Most of Australia’s controversial ads in the clear

Only three of the ten most controversial advertisements of the year had the complaints upheld, the Advertising Standards Bureau has revealed.  

The most complained about ad of the year, created by The Brand Shop for Kotex U tampons, featured a beaver keeping a young woman company. It received 185 complaints which were dismissed by the ASB board.


Also in the clear was the second most complained-about ad, for Domino’s pizza, featuring the character Many Toppings, with the catch phrase “Supercalafreakinawesome”. The 145 complaints that it sounded like “frickin” rather than “freakin” were also dismissed.


ami_longer_lasting_sex1The Advanced Medical Institute’s “longer last sex” billboard drew the third highest number of complaints, with 110, and when the ASB reconsidered the issue, it was eventually ruled against, which generated major press coverage for the AMI.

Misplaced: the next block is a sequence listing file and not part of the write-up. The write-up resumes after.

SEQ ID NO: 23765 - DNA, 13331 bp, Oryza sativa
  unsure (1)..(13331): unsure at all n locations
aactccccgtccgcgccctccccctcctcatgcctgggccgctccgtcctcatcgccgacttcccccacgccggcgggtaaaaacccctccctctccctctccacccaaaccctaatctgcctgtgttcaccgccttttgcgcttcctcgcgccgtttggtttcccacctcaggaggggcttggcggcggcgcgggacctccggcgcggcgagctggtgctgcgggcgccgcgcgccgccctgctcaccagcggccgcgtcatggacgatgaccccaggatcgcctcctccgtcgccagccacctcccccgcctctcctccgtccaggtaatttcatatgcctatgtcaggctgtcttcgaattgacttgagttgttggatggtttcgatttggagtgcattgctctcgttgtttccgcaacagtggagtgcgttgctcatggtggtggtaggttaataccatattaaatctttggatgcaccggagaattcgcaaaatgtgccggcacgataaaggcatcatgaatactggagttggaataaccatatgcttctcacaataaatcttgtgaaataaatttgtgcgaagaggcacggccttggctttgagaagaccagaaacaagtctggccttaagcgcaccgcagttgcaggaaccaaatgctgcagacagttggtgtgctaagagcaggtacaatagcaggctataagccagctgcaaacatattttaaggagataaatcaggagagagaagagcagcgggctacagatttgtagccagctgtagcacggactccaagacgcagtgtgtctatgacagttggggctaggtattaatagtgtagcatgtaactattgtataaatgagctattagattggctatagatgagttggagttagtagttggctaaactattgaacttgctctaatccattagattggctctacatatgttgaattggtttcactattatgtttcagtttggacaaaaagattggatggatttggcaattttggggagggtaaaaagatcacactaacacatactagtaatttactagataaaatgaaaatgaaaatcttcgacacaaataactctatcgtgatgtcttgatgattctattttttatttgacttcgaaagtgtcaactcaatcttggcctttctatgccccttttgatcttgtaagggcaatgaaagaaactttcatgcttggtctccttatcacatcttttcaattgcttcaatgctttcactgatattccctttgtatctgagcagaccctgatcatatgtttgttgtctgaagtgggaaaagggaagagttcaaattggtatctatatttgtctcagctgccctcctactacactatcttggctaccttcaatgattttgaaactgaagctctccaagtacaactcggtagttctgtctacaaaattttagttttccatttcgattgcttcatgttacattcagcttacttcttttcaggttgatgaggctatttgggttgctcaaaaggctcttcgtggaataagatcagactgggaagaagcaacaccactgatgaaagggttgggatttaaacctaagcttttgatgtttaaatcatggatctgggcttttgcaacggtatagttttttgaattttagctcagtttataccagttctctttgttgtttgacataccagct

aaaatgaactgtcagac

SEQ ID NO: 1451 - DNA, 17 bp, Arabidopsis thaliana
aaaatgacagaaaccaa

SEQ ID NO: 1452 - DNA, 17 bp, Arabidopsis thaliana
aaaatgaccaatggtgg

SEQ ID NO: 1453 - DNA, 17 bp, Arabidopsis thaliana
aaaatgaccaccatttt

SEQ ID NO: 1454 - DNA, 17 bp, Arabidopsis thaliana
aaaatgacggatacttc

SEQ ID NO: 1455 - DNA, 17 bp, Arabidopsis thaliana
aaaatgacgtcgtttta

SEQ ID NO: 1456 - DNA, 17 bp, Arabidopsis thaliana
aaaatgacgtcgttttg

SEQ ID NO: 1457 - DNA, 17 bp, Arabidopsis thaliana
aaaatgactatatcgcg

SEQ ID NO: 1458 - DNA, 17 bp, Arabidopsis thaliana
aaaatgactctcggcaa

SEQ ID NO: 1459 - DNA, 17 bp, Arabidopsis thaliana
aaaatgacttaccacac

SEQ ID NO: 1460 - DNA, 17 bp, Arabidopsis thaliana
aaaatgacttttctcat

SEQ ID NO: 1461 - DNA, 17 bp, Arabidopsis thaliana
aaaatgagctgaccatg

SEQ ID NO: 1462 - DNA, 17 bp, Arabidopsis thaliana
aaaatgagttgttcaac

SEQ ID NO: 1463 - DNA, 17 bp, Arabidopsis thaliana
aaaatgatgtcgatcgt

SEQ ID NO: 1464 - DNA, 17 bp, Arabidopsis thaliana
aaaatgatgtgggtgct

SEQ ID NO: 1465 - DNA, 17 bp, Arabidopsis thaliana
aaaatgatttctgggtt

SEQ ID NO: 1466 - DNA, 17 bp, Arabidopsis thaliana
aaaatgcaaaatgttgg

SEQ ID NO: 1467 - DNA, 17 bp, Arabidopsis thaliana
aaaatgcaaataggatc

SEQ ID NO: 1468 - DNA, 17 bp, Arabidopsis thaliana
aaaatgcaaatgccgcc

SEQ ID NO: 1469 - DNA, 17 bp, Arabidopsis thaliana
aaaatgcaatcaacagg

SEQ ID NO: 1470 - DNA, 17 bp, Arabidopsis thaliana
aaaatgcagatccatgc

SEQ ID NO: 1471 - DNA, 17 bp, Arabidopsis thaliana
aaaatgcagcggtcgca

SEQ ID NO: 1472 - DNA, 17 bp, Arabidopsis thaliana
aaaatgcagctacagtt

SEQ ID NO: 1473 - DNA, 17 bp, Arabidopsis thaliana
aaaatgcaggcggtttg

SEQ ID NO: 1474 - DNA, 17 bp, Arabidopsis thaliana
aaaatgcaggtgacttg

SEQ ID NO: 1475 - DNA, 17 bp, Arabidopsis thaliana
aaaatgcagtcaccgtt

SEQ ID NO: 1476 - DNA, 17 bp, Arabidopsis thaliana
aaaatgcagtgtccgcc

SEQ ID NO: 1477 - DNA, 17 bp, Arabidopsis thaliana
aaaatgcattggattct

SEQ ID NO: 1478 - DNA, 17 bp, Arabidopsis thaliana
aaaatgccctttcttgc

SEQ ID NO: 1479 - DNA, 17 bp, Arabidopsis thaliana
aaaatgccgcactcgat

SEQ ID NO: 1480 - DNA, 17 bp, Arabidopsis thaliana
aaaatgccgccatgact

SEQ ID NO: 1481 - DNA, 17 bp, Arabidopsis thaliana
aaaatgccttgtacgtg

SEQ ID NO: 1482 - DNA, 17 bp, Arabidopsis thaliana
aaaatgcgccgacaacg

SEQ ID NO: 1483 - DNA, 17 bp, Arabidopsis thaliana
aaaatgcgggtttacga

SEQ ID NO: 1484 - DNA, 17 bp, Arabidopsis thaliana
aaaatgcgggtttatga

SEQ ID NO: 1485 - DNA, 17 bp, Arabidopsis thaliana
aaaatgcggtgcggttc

Next came an ad for Ingham’s chicken,which drew more than 100 complaints from people unhappy with its tongue-in-cheek suggestion that if you don’t like chicken there’s something wrong with you.


Meanwhile, a powerful anti-smoking ad for Quit Victoria from The Campaign Palace, which featured a crying child at a railway station who had lost his mother, drew 65 complaints and was also cleared.


The next ad to be banned was Smart advertising’s work for the relaunch of Coca Cola’s energy drink Mother. It featured violence towards the scientists who created the original formulation.


Also upheld were the 45 complaints against a graphic pamphlet produced by the anti-abortion Tell The Truth Coalition.

However, after a similar number of complaints about Virgin Mobile’s “Go Topless” TVC, this ad was cleared, as was one for the Motorola Razr phone featuring a couple fighting at a railway station.

Fiona Jolly, the ASB’s CEO, said the total number of complaints was higher in 2008 than in 2007, as was the number of ads complained about. She added:

“In 2009 we will continue to work with advertisers and other industry bodies to maintain a healthy balance between the rights of industry to advertise its products and the protection of consumers against inappropriate or offensive content.”


Get the latest media and marketing industry news (and views) direct to your inbox.

Sign up to the free Mumbrella newsletter now.



Sign up to our free daily update to get the latest in media and marketing.